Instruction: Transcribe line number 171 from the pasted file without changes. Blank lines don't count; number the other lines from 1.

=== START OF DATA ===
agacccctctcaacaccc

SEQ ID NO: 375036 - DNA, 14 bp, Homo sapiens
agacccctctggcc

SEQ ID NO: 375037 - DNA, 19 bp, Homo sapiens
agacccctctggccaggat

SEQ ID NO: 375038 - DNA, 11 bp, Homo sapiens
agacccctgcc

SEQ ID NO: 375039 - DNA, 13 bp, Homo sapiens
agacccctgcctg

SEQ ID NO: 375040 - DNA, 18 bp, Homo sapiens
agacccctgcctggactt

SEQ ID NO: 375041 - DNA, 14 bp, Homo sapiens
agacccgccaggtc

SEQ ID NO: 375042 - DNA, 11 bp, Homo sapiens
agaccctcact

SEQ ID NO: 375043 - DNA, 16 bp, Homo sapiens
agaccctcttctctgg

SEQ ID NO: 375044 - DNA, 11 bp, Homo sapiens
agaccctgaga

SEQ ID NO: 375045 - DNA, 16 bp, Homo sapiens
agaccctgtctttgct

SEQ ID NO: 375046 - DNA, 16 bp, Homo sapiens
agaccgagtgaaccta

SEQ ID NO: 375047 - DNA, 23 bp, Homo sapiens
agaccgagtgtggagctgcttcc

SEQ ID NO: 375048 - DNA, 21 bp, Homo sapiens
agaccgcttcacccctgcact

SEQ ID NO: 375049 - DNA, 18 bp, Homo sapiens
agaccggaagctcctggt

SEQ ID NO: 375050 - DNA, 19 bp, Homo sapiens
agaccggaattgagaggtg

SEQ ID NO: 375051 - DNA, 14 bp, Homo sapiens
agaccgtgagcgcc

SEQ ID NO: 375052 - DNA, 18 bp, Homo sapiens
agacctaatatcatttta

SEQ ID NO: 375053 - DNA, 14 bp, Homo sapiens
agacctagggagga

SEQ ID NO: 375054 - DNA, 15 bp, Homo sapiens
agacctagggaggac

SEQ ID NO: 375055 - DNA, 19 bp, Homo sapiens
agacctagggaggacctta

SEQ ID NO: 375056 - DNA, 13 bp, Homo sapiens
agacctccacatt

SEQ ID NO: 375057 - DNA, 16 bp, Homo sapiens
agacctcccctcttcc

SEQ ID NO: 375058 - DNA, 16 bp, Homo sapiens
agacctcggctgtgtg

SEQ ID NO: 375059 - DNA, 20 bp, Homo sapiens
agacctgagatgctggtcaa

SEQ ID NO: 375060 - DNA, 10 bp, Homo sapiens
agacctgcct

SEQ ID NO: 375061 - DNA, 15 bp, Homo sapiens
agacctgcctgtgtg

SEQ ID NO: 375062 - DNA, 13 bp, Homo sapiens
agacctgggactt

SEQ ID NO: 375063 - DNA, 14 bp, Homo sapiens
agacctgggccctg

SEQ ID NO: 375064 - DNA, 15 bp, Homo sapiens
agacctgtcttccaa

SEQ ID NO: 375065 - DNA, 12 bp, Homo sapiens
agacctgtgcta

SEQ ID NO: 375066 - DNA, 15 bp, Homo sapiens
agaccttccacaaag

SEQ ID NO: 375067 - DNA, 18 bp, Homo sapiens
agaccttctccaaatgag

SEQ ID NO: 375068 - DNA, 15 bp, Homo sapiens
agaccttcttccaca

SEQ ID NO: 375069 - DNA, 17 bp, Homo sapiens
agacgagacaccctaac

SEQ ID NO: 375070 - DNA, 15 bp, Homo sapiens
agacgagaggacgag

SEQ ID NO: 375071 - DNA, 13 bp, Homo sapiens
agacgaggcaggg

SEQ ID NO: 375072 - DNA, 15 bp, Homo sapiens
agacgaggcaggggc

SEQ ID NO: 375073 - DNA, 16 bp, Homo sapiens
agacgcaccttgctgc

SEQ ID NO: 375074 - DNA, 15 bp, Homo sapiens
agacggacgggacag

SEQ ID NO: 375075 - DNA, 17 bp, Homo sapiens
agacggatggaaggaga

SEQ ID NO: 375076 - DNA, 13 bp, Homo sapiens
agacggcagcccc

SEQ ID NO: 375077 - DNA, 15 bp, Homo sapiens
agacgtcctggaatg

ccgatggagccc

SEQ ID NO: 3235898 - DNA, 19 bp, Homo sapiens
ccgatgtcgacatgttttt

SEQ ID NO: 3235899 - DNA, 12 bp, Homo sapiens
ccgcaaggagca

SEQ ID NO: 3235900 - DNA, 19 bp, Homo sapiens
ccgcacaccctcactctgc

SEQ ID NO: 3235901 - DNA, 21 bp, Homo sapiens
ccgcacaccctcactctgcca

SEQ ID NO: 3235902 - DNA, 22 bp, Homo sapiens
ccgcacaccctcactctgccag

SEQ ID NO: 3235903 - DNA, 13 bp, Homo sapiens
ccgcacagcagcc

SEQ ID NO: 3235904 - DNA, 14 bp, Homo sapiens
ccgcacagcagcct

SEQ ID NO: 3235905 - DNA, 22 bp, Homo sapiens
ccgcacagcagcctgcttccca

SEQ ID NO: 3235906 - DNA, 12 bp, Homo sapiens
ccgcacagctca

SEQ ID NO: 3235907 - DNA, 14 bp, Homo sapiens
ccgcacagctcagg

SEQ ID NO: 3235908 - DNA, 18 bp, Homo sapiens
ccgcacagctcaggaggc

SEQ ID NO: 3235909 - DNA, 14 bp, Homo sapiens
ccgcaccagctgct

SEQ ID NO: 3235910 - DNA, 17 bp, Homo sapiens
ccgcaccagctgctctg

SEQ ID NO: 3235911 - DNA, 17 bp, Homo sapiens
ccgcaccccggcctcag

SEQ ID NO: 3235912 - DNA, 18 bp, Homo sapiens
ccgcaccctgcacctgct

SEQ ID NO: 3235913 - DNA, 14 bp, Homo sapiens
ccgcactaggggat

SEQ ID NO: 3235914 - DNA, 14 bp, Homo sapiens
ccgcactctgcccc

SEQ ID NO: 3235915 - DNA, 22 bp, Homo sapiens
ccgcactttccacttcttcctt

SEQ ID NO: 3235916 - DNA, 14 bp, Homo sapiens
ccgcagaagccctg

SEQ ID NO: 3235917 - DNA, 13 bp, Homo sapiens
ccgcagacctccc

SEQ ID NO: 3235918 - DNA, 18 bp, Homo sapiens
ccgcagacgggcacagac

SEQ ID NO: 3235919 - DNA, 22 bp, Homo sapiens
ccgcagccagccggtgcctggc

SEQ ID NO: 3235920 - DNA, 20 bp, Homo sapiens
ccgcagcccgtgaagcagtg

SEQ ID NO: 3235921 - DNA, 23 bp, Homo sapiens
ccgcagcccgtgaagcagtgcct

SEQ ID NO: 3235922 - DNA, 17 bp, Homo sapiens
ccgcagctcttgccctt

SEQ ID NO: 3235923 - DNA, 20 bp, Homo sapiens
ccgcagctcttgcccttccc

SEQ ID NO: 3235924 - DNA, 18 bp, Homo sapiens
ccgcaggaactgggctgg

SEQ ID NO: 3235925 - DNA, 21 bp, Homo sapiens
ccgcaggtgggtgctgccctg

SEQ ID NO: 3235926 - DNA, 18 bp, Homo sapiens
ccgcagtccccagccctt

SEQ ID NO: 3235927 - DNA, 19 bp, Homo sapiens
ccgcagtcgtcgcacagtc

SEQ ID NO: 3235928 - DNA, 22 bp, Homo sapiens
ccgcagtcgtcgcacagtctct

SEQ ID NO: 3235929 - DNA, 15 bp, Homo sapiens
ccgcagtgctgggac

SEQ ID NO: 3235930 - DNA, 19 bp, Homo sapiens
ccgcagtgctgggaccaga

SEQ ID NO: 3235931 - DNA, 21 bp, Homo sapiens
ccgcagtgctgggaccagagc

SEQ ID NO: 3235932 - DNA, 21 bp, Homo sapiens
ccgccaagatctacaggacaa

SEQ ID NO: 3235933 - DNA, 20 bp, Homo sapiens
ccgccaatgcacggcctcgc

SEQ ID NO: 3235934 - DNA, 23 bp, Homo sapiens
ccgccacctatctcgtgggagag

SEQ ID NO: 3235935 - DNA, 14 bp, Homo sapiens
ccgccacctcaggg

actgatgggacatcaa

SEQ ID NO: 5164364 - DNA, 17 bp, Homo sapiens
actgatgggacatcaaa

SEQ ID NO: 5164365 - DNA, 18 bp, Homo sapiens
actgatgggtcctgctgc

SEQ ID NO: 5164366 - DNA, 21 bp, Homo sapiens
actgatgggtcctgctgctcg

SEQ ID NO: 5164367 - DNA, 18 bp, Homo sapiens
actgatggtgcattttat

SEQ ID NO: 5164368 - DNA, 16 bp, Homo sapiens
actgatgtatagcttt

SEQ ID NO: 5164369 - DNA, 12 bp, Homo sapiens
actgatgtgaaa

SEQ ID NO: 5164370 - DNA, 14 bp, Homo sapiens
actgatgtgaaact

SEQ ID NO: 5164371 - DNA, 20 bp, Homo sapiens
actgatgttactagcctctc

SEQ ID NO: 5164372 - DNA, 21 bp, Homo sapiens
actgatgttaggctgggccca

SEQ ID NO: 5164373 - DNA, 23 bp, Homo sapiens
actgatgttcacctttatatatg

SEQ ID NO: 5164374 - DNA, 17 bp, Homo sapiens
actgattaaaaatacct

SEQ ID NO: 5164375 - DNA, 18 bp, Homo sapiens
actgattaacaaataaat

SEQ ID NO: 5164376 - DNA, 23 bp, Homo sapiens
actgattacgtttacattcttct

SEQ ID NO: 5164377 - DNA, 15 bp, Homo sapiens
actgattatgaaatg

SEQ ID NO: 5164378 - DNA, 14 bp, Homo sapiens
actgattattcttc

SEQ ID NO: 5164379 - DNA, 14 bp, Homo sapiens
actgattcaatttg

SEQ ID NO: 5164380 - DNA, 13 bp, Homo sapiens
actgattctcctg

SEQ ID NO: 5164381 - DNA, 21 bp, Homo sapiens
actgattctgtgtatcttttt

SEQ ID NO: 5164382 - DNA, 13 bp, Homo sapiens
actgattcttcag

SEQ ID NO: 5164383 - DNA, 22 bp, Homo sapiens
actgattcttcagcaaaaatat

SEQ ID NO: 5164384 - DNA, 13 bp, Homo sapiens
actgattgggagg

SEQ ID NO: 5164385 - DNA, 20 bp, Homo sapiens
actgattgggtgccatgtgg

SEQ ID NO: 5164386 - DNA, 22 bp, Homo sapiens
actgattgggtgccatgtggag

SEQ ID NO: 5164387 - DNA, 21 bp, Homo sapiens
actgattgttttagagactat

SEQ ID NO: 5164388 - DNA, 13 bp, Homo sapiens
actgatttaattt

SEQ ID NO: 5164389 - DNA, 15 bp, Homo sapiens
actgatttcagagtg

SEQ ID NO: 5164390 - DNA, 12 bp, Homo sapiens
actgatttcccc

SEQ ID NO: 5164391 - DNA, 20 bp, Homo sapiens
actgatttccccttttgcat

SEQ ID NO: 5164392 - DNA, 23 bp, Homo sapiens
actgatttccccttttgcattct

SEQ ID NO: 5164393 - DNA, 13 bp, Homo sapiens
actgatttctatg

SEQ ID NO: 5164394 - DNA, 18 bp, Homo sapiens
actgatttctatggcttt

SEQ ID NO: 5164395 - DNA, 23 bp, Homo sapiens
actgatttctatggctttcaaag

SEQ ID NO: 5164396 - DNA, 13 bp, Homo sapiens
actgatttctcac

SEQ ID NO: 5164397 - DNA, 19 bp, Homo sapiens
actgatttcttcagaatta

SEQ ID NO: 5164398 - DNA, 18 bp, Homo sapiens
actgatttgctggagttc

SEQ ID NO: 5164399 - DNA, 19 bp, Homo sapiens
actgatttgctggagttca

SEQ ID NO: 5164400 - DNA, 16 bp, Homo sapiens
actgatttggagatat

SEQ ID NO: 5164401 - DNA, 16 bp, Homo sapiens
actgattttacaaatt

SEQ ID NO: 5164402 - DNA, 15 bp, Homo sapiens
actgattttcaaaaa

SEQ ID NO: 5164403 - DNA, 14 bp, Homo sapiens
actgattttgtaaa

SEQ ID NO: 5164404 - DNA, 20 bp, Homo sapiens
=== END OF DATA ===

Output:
actgatggtgcattttat